Of course, you can actually physically attach the Wireless Plus to your PC, too, using the USB 3.0 cable and connection that comes with the drive.
Doing it that way is vastly preferable because USB 3.0 is a gazillion times faster than Wi-Fi, especially the slightly older 802.11b/g/n Wi-Fi standards the Wireless Plus uses. It took us seven minutes 30 seconds to upload a 1 gigabyte file to the Wireless Plus from a PC over Wi-Fi, but only 11 seconds to upload that same file using USB 3.0.
The point of the device, though, is not to attach it to your PC (except for when you're uploading media) but rather to attach it to your iPad, iPhone, Android or other mobile device.
You do that by first logging your iPad onto the Wi-Fi network that the Wireless Plus broadcasts, and then running that aforementioned app, which you can then use to play any media files the app finds on the hard disk. Or, if you don't have the app, you can use your web browser (the Seagate has its own web server built in) and play the files that way.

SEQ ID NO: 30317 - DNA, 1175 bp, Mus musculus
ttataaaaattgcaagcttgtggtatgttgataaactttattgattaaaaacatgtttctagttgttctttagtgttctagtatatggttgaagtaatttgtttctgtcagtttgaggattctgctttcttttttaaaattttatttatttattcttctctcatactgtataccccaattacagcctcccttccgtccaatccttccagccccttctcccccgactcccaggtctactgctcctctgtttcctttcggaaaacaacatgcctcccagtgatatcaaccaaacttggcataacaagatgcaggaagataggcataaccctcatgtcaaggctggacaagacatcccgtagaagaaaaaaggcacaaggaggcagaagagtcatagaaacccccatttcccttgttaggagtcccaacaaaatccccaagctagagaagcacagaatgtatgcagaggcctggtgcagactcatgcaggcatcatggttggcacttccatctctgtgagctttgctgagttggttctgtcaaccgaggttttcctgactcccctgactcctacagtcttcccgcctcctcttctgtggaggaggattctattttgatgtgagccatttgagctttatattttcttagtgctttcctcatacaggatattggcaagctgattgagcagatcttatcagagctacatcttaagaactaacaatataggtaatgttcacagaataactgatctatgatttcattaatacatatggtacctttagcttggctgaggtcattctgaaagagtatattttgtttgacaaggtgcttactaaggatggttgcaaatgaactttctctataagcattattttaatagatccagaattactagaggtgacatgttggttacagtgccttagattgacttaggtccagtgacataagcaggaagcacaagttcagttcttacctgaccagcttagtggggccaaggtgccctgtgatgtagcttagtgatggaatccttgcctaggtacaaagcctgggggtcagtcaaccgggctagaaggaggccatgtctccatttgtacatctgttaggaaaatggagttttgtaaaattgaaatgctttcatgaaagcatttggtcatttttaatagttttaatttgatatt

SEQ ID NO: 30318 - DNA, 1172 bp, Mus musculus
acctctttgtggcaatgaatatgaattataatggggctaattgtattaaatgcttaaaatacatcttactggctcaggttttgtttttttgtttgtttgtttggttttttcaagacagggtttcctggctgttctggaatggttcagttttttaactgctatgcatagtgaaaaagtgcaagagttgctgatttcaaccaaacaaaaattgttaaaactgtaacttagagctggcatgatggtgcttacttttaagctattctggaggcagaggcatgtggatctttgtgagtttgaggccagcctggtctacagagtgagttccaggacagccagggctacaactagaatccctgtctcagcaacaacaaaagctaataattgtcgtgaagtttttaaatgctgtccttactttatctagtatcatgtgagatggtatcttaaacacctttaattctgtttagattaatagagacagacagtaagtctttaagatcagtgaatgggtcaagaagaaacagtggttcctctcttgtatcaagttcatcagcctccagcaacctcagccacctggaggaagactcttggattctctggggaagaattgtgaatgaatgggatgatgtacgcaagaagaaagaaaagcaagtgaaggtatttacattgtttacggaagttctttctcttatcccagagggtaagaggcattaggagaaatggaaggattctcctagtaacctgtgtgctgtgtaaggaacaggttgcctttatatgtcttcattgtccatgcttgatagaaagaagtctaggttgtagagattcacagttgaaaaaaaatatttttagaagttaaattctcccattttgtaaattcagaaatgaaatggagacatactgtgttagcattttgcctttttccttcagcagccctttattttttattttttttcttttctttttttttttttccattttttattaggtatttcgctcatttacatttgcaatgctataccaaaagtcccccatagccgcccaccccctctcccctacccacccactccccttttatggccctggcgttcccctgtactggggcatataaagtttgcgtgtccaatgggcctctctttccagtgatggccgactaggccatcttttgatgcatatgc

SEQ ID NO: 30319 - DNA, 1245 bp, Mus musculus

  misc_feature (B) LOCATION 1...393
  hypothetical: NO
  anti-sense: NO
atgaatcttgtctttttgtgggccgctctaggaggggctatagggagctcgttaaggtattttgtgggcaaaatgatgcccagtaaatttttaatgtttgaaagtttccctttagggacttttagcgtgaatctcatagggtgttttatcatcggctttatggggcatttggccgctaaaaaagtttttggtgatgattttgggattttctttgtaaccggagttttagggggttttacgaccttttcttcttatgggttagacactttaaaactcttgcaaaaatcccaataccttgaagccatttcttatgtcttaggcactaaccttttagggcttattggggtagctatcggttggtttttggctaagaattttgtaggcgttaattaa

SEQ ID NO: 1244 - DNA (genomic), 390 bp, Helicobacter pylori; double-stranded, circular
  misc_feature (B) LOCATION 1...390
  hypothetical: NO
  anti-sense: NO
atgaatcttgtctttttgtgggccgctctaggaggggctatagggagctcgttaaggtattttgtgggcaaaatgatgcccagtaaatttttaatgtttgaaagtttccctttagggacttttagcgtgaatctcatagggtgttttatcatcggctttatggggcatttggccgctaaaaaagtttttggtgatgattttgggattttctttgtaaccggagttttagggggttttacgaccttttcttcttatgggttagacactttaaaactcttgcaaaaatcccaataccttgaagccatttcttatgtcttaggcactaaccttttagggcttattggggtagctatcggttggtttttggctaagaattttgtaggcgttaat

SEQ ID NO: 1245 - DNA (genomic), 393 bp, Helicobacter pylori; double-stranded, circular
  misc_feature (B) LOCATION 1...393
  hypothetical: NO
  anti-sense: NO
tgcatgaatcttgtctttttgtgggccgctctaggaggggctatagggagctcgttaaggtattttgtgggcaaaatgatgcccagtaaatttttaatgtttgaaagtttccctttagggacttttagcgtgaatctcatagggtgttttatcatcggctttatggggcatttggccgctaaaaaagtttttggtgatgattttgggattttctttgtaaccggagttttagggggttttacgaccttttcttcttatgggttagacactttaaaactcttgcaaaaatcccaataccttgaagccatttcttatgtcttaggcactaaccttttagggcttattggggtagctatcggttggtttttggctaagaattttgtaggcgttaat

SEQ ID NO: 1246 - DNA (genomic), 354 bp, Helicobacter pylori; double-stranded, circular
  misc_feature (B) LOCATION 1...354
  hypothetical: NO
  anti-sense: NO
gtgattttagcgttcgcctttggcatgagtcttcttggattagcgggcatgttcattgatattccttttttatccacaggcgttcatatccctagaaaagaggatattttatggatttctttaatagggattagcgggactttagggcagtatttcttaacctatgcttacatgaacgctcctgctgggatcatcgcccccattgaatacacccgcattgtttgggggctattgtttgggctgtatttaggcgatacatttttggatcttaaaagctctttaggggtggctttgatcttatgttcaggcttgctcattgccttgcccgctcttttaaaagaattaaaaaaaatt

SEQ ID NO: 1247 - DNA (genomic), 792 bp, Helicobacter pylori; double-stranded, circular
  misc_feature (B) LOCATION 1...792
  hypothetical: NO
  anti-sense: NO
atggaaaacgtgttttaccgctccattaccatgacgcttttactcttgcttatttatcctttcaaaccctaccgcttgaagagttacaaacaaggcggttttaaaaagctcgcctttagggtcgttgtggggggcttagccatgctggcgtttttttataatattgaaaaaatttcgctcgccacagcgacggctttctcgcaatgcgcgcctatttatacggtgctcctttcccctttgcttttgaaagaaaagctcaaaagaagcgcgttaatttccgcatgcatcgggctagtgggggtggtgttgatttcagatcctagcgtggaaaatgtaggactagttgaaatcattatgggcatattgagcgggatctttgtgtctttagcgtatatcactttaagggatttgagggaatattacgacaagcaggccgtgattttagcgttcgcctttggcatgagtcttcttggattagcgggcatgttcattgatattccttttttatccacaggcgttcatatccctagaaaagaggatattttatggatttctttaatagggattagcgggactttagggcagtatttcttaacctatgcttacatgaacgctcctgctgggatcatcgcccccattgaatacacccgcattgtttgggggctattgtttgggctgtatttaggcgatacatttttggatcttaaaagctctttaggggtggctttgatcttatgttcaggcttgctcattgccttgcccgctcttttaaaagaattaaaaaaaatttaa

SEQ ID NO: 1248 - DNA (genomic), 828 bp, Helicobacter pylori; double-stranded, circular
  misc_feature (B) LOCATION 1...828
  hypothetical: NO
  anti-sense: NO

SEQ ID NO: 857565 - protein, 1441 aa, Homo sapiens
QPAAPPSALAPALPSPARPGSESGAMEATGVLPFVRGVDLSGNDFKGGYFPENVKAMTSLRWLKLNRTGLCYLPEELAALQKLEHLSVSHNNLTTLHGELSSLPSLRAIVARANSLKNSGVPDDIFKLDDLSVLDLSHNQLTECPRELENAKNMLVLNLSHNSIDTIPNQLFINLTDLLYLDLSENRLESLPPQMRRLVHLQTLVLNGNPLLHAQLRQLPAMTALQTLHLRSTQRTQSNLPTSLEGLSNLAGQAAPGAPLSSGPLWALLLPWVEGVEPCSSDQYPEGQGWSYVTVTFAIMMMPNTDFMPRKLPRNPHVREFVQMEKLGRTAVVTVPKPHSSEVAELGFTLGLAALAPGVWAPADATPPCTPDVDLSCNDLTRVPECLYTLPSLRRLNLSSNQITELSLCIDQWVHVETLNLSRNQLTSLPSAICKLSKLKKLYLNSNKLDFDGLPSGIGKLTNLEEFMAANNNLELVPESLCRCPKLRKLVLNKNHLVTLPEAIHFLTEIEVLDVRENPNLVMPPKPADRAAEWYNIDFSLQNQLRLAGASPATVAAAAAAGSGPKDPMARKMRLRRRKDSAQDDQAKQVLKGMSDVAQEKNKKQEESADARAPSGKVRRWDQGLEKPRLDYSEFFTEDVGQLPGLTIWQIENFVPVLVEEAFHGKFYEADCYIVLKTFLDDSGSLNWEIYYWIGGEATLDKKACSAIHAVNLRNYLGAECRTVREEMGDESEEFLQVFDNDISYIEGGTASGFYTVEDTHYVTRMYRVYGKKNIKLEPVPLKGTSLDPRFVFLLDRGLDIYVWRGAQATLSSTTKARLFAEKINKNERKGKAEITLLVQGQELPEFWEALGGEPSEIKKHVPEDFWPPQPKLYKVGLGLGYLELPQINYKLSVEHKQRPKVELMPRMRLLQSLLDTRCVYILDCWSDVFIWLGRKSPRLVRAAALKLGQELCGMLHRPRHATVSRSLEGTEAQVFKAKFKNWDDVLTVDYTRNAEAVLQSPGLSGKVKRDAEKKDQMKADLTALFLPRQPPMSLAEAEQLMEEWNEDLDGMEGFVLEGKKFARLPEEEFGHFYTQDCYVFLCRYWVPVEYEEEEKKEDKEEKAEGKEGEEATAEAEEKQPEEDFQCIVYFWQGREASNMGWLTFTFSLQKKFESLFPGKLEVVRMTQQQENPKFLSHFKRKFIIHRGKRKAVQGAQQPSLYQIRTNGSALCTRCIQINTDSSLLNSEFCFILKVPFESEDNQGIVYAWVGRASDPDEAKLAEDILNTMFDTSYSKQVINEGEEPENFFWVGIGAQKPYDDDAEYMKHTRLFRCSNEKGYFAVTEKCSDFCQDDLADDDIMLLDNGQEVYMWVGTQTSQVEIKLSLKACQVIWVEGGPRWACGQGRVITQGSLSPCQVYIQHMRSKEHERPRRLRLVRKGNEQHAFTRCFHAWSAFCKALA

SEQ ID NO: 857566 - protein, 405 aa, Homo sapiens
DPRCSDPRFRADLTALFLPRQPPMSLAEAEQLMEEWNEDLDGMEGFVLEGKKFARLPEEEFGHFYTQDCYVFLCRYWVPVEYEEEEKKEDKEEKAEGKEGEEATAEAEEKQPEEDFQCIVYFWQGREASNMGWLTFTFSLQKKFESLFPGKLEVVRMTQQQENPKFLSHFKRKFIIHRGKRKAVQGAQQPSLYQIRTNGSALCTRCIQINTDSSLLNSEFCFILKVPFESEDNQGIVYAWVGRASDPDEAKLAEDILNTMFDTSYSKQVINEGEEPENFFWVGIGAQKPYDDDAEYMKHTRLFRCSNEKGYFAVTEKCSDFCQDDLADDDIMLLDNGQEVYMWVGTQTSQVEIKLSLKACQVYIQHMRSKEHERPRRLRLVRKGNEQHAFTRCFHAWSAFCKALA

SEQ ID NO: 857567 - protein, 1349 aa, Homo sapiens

The point is, you can't use your regular media-playing apps to play the files on the Seagate, but rather you're stuck with the Seagate app or web server. That's the only downside we found with this excellent little storage device: the apps and the web server are nicely designed and terribly easy to use, but they won't play every file format. MKV files we tested, for instance, couldn't play in the app - they needed to be downloaded to the tablet first and then played by a more capable app. It means there can be a five or 10-minute delay before you can watch the file you selected, but it's not the end of the world. It's worth the hassle for the money you save.
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